Jammie Mountz

Software Engineer


In theory:

Refactoring is restructuring your code to be more efficient and/or organized. The functionality of the code doesn’t change.

In practice:

Refactoring has challenged my usage of git. Usually my writing is linear, with an occasional

git reset --hard HEAD

But the “final” phase of my last project got me so messed up, I needed to move back a few commits and ended up making a branch and then accidentally submitting a pull request to Hack Reactor like an idiot. I was then left with a pile of burning code at 1am with no stamina to figure out what I had done wrong. (I still don’t understand exactly how I got it so bad, but there’s some reason why that primary html file is always named “index,” don’t change it.)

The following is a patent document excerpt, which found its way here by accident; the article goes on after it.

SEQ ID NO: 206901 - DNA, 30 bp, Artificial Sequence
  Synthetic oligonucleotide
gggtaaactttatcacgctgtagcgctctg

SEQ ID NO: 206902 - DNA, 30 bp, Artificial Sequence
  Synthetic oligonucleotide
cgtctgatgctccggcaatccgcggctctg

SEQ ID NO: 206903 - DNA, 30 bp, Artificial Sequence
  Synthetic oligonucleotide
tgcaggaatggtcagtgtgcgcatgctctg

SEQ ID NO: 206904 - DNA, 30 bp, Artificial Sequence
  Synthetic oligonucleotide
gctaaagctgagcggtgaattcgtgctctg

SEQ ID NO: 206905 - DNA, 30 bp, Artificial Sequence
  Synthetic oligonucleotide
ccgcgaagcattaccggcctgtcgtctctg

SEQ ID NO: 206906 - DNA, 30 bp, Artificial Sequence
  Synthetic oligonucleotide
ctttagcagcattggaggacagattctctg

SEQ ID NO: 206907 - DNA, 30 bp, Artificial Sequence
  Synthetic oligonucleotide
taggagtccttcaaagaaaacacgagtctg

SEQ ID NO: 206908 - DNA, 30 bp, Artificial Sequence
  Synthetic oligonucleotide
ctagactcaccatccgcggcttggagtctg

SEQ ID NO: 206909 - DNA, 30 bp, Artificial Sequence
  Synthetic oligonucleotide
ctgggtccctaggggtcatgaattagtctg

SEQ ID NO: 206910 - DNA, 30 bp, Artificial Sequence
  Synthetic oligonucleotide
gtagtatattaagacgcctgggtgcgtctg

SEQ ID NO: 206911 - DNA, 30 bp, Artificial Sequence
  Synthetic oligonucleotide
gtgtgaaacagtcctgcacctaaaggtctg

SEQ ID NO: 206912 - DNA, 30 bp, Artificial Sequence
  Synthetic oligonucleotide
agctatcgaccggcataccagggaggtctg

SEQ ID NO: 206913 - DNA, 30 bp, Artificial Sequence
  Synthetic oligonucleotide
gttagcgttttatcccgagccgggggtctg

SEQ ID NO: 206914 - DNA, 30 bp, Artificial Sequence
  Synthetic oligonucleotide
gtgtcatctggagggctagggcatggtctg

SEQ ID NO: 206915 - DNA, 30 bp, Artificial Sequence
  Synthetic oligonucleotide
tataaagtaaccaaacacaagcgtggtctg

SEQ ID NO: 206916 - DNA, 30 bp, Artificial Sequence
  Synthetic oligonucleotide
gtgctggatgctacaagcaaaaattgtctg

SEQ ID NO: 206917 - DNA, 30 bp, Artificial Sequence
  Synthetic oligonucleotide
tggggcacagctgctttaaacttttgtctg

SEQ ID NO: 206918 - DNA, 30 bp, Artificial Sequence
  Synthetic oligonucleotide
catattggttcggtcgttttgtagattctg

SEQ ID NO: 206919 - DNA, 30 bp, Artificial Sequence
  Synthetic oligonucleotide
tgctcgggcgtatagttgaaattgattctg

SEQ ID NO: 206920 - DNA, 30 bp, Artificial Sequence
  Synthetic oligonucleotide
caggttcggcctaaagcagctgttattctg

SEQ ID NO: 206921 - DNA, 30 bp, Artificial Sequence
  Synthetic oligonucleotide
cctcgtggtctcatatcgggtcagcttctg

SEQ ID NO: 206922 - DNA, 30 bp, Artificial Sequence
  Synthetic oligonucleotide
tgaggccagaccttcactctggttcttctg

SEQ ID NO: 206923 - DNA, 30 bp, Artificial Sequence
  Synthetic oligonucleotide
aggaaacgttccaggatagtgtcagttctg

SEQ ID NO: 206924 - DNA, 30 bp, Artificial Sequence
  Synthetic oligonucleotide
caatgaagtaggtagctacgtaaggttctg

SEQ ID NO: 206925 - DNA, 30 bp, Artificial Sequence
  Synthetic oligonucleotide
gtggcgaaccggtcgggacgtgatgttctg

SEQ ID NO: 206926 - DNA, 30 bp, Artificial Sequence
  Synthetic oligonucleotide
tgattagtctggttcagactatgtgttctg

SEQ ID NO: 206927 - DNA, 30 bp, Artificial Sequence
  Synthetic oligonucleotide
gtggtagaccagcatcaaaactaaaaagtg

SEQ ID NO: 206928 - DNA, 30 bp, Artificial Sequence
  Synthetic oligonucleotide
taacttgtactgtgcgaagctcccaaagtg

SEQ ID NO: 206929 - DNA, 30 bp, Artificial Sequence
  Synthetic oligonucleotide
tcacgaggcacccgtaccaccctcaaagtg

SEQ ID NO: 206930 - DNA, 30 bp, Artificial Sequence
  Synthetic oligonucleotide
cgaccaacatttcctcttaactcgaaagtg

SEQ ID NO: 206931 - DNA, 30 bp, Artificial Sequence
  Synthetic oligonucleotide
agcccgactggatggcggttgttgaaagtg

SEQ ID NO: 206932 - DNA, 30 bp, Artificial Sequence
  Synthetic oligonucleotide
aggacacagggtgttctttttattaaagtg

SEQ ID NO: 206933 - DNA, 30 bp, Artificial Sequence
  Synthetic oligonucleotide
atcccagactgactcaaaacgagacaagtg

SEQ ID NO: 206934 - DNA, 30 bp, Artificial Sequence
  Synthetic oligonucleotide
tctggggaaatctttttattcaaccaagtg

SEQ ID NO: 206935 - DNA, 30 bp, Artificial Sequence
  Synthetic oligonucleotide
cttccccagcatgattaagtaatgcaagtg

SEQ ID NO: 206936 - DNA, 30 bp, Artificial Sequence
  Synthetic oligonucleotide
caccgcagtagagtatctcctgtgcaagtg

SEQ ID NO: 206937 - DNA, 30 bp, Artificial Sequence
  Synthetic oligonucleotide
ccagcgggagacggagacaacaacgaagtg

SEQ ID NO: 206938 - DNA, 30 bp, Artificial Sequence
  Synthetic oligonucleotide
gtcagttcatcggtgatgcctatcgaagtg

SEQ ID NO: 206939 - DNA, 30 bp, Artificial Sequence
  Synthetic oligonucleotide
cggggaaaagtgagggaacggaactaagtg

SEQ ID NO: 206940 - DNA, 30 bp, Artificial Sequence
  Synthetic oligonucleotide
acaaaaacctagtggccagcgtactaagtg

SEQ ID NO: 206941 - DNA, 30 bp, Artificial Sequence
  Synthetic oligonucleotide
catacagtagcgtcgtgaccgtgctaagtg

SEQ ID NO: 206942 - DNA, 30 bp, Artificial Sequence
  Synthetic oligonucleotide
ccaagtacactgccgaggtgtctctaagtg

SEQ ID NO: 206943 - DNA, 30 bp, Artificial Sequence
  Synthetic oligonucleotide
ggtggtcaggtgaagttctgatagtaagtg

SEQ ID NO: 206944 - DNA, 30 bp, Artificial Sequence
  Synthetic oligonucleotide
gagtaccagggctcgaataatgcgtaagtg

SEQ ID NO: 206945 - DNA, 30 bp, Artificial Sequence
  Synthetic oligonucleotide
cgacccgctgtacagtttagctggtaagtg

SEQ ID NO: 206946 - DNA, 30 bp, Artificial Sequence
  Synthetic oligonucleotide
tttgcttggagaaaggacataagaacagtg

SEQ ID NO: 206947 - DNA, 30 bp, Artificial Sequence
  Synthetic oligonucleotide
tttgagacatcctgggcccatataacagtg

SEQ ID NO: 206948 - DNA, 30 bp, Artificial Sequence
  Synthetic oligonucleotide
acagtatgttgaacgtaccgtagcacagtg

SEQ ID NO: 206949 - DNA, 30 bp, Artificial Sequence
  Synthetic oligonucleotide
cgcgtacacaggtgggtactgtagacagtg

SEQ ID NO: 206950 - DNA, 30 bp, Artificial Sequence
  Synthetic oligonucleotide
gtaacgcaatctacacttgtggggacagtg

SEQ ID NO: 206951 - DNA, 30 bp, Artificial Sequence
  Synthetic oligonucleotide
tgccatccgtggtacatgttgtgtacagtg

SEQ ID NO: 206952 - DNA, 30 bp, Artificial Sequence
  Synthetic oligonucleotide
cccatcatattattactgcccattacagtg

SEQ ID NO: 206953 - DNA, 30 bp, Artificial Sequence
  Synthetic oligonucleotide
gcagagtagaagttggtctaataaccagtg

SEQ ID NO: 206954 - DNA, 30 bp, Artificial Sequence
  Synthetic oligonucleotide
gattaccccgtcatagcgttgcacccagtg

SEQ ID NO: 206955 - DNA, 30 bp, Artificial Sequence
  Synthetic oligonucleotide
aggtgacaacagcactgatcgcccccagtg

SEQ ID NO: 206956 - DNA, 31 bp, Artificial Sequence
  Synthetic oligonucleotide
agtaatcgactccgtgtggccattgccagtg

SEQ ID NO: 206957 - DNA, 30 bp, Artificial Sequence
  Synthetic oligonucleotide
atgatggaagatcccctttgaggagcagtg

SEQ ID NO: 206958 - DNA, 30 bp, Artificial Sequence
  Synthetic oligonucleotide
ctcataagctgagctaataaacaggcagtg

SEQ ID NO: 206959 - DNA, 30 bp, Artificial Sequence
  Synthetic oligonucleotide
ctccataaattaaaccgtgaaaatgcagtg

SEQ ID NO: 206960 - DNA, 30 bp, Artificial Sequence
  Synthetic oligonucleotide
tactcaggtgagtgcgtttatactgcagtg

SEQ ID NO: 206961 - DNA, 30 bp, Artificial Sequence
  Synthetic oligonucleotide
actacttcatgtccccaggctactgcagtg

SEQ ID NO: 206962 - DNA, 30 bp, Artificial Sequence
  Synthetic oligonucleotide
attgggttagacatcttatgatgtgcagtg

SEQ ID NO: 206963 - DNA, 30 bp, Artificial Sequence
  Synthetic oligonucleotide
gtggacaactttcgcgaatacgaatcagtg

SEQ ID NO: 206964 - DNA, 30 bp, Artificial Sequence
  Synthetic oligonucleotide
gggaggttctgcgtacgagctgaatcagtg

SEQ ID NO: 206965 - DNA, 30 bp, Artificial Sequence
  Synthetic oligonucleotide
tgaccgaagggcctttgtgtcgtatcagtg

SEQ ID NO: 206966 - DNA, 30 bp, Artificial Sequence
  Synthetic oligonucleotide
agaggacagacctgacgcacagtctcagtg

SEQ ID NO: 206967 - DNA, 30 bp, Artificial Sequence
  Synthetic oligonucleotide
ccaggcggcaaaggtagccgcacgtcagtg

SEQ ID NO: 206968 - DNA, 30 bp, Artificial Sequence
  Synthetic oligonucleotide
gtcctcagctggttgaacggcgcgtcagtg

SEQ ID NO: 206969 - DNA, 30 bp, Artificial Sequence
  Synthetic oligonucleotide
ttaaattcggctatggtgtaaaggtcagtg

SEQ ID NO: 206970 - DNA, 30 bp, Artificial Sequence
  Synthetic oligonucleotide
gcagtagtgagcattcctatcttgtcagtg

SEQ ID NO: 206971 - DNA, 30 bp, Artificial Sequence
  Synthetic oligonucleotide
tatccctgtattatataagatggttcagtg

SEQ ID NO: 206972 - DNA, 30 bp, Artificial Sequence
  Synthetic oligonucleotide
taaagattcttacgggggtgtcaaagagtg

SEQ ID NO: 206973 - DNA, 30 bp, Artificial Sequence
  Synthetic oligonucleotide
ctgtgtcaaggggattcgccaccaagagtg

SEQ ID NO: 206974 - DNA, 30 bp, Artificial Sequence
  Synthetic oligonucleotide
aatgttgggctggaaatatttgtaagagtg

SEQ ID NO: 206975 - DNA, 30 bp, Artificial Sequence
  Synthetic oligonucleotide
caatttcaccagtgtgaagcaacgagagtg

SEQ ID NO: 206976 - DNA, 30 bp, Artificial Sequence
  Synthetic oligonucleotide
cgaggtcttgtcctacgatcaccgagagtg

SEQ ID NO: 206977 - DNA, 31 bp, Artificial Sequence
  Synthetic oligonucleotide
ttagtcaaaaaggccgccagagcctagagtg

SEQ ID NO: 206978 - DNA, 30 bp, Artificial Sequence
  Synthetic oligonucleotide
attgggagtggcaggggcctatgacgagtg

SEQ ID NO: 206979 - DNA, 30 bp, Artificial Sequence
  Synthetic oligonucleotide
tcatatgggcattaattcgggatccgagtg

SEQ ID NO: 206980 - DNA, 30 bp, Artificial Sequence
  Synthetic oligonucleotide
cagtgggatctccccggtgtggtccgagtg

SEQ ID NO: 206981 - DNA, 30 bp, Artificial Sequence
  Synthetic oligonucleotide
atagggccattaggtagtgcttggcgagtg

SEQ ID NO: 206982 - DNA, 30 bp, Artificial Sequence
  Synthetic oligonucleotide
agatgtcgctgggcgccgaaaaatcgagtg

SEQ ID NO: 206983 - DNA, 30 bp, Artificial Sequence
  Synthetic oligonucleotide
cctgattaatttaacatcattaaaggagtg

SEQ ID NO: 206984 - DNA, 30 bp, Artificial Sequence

Tips on writing code that you can refactor:

  • Ignoring spacing style now will cause you pain later.
  • You can have the same name for a class, ID, and variable. But you DON’T want that.
  • When you notice a different sector of your code goes down while refactoring, make sure you remember exactly at which step that happened.
  • Don’t save refactoring for 10PM the day before its due

Fluent in Spanish and JavaScript, salsa dancer, lover of material design.

Living in San Francisco, CA